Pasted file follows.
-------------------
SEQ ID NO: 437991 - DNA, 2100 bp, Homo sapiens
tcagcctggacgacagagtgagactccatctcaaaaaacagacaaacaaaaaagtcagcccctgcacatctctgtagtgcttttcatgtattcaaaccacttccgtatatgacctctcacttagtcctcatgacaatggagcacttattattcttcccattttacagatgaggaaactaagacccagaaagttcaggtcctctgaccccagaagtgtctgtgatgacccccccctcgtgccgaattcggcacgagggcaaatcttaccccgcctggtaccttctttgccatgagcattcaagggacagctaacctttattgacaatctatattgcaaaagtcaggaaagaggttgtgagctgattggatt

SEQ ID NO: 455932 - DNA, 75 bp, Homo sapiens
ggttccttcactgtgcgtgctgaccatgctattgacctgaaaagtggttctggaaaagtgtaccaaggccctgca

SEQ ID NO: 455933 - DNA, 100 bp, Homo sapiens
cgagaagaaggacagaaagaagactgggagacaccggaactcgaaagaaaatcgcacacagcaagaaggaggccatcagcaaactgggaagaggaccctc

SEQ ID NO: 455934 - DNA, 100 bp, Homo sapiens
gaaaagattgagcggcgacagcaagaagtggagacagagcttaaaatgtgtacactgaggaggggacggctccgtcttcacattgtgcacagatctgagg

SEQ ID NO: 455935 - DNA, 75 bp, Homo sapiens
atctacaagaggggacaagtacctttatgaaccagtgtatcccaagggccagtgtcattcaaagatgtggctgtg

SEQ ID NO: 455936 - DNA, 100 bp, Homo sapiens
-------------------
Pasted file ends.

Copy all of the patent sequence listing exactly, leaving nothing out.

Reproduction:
SEQ ID NO: 437991 - DNA, 2100 bp, Homo sapiens
tcagcctggacgacagagtgagactccatctcaaaaaacagacaaacaaaaaagtcagcccctgcacatctctgtagtgcttttcatgtattcaaaccacttccgtatatgacctctcacttagtcctcatgacaatggagcacttattattcttcccattttacagatgaggaaactaagacccagaaagttcaggtcctctgaccccagaagtgtctgtgatgacccccccctcgtgccgaattcggcacgagggcaaatcttaccccgcctggtaccttctttgccatgagcattcaagggacagctaacctttattgacaatctatattgcaaaagtcaggaaagaggttgtgagctgattggatt

SEQ ID NO: 455932 - DNA, 75 bp, Homo sapiens
ggttccttcactgtgcgtgctgaccatgctattgacctgaaaagtggttctggaaaagtgtaccaaggccctgca

SEQ ID NO: 455933 - DNA, 100 bp, Homo sapiens
cgagaagaaggacagaaagaagactgggagacaccggaactcgaaagaaaatcgcacacagcaagaaggaggccatcagcaaactgggaagaggaccctc

SEQ ID NO: 455934 - DNA, 100 bp, Homo sapiens
gaaaagattgagcggcgacagcaagaagtggagacagagcttaaaatgtgtacactgaggaggggacggctccgtcttcacattgtgcacagatctgagg

SEQ ID NO: 455935 - DNA, 75 bp, Homo sapiens
atctacaagaggggacaagtacctttatgaaccagtgtatcccaagggccagtgtcattcaaagatgtggctgtg

SEQ ID NO: 455936 - DNA, 100 bp, Homo sapiens